Do you recall what the high priest wore on his shoulders? Yes, two onyx stones! These were connected to the breastplate by GOLD chains. When we are told that the government will rest on the shoulders of our Messiah (and High Priest), these onyx stones should come to mind. Engraved on these stones are the names of the twelve tribes of Israel. These are the holy ones that testify to Yeshua’s government of heaven and earth. And it is He alone that takes what was once inscribed in darkness and turns it into light. These will be robed in white, for they have washed their (dark) robes and made them white in the blood of the Lamb. (Rev. 7:14)
Is the River of Life pictured in the four rivers of Eden, the seven days of creation, the seven Spirits of God, and the seven moedim (feast days) for Gentiles as well as Jews?
Rev 7:9-10 After these things I looked, and behold, a great multitude which no one could count, from every nation and all tribes and peoples and tongues, standing before the throne and before the Lamb, clothed in white robes, and palm branches were in their hands; (10) and they cry out with a loud voice, saying, “Salvation to our God who sits on the throne, and to the Lamb.”
Yes! Dr. Alewine points us to John 10:16.
“I have other sheep, which are not of this fold; I must bring them also, and they will hear My voice; and they will become one flock with one shepherd.
She goes on to say:
“Did Yeshua come to dismiss his Gentile flock from the appointed feasts? Did Yeshua come to create division between or among the folds at the appointed times, or did he come to make them one flock with one shepherd?” 
The rivers of Eden are one more testimony that from the beginning, YHWH has declared the end. The first letter of the Bible is an ENLARGED beht, meaning house or tent. From the onset of all things, the Father’s desire is to build and enlarge His House. Within the rivers and moedim (feast days) the good news of the gospel is proclaimed. This is the only place where the nations will find their healing and rest.
The rivers of Eden surround and flow around the creation days, feasts, spirits of God, and our menorah motif. But they are meant to flow and move through you and me too! By keeping the appointed times set by the Creator on day four, we are equipped to produce the good gold of Havilah (increase). This refining process is a sweet smelling aroma (bedolach) to our Father as we are proclaiming His government (onyx) throughout the earth.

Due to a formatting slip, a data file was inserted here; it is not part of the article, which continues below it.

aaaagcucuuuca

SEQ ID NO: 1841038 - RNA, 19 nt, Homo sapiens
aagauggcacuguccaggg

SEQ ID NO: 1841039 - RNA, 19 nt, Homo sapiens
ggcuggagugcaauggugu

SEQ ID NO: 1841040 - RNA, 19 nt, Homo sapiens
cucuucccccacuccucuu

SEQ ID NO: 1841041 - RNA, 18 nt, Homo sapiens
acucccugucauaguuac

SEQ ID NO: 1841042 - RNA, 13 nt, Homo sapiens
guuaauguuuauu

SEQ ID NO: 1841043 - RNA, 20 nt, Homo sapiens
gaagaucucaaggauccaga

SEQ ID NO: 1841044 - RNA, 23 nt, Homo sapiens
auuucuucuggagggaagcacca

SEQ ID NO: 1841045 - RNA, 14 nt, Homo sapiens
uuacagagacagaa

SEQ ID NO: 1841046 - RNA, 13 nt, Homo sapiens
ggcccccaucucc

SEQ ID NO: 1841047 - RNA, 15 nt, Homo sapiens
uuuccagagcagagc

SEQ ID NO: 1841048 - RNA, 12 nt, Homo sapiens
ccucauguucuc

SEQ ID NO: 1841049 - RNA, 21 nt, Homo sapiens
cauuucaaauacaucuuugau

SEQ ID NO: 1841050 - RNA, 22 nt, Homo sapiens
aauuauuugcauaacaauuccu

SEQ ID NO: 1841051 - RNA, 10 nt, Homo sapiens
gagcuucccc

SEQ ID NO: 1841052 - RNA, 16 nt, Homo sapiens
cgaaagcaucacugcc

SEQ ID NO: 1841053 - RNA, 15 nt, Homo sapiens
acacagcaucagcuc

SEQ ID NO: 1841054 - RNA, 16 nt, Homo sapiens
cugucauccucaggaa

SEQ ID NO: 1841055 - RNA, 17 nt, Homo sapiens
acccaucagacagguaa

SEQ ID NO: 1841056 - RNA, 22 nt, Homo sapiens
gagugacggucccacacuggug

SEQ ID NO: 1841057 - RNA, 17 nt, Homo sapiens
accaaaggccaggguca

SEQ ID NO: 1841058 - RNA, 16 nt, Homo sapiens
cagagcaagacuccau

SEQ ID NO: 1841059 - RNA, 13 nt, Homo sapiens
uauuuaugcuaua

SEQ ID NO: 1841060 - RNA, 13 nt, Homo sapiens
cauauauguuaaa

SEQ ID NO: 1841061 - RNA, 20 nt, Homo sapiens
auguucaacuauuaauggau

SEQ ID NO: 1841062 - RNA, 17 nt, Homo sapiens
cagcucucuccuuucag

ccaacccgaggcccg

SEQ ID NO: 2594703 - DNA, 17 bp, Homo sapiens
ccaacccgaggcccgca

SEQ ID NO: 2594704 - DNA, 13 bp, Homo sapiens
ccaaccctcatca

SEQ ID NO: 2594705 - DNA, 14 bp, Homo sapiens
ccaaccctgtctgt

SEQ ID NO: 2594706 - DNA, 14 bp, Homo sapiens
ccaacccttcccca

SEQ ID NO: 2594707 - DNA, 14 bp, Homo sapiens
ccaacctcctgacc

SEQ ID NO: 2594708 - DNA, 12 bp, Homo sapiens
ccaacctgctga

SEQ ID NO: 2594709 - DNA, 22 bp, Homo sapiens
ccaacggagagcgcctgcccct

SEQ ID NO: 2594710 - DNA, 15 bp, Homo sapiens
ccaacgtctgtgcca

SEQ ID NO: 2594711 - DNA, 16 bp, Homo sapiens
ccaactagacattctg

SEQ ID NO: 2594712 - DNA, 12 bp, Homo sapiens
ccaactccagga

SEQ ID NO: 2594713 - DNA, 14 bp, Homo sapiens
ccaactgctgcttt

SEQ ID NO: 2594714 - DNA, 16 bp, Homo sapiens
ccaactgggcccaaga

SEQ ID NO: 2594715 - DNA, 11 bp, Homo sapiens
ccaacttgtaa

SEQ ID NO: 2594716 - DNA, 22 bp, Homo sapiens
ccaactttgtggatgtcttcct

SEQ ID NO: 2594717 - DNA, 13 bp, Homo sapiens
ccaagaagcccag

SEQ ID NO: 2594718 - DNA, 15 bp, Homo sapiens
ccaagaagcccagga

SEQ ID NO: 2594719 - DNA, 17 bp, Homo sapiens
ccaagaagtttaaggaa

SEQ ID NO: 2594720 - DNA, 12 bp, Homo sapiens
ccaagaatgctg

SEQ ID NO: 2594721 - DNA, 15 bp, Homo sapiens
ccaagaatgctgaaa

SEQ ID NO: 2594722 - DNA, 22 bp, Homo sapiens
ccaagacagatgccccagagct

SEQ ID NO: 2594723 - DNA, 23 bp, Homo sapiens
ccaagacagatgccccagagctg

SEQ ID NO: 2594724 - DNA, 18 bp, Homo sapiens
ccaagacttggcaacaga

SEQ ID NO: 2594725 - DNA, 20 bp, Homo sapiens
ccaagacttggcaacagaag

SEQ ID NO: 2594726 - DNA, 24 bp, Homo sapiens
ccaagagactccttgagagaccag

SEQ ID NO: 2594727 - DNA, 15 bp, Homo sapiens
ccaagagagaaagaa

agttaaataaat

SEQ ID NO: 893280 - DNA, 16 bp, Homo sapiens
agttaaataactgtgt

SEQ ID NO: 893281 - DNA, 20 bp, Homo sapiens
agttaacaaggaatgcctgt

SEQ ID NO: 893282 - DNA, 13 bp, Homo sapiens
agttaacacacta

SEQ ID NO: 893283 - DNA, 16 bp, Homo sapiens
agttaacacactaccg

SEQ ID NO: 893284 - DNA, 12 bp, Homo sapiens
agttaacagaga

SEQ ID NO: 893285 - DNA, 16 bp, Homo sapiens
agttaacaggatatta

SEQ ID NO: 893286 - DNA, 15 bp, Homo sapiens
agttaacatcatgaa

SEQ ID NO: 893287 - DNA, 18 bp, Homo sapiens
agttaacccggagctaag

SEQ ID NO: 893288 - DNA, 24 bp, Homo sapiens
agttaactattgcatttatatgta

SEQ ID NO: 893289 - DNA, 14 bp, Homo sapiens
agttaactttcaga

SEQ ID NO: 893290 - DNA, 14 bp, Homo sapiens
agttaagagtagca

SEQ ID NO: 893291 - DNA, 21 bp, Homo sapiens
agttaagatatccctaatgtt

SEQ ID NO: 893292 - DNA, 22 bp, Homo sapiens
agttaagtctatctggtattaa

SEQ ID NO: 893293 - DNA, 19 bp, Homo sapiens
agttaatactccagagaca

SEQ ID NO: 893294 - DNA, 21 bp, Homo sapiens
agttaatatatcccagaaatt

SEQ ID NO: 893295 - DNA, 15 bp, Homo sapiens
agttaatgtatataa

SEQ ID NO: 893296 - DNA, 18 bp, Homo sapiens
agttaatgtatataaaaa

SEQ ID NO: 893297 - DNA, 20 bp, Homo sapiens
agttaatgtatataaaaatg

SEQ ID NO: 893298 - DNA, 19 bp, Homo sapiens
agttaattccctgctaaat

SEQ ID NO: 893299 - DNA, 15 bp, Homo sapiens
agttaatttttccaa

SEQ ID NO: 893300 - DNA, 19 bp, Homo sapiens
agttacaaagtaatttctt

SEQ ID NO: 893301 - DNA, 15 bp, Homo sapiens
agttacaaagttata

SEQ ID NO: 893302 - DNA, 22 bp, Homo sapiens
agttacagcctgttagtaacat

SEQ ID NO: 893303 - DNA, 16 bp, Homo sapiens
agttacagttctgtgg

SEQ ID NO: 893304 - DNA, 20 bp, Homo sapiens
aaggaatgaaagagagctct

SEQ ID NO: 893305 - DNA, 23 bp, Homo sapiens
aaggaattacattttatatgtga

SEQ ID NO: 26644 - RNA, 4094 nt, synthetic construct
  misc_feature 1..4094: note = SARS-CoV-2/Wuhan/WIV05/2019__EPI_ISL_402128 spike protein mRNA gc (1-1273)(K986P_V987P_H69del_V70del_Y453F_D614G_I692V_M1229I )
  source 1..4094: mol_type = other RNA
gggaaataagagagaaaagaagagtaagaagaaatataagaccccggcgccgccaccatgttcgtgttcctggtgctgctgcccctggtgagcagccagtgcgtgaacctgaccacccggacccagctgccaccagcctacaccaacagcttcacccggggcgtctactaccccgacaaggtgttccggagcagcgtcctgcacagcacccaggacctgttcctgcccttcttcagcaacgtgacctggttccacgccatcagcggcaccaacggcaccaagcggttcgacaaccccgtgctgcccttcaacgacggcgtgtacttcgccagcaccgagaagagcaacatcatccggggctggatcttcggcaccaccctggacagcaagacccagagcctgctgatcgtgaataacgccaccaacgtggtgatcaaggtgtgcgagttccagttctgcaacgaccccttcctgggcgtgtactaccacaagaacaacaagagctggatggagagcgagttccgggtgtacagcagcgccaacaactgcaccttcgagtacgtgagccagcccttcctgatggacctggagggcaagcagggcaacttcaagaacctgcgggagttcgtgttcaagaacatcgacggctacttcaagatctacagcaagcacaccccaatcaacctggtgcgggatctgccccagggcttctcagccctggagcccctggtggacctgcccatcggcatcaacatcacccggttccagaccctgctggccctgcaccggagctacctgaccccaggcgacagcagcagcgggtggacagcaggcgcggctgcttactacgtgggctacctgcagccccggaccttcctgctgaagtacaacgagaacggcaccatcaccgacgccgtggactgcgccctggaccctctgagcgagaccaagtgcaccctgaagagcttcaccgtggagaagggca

Moving inward to the surrounding river of Gihon, the darkness (Cush/Ethiopia) is pierced as the sons of God prepare to burst forth in their unveiling. By the time the Tigris (Cheddekel) begins to flow through us, we are primed for new life and resurrection; because like the Tigris, we “walk” in the paths of the Creator. The gospel moves with rapid force throughout the earth.
Finally, the Perat (Euphrates) produces abundance and fruitfulness as a great multitude from every tribe and tongue wave palm branches at the great Feast of Sukkot in worship of the King of kings! These are those that will rejoice with the four living creatures under the rainbow canopy of God’s Throne. Below the Throne, the River of Life flows freely to nourish and cleanse the righteous with the cool fire waters of heaven. The wicked will experience the same flow of this river, but it will be unto them a lake of fire and judgment. The end is the beginning and the beginning is the end! Selah.
 Examples: Baptism of water and fire, earth destroyed with water and later with fire, God was a pillar of cloud (water) and a pillar of fire to Israelites in the desert, the Hebrew word for heavens is shemayim, a word that literally means “fire-water”, etc.
 See the Song of Songs 1:5 and Dr. Alewine’s Creation Gospel Workbook 5 Volume 1, p. 16
 Brown, Driver, and Briggs’ Hebrew Definitions: H6376 פּישׁון pee-shone’ From H6335; dispersive; Pishon, a river of Eden: – Pison.
H6335 פּוּשׁ poosh A primitive root; to spread; figuratively act proudly: – grow up, be grown fat, spread selves, be scattered.
 See Dr. Alewine’s Creation Gospel Workbook 5 Volume 1, pages 15 and 20.
 See Dr. Alewine’s Creation Gospel Workbook 5 Volume 1, p. 18.
 Dr. Alewine’s Creation Gospel Workbook 5 Volume 1, pages 34-35.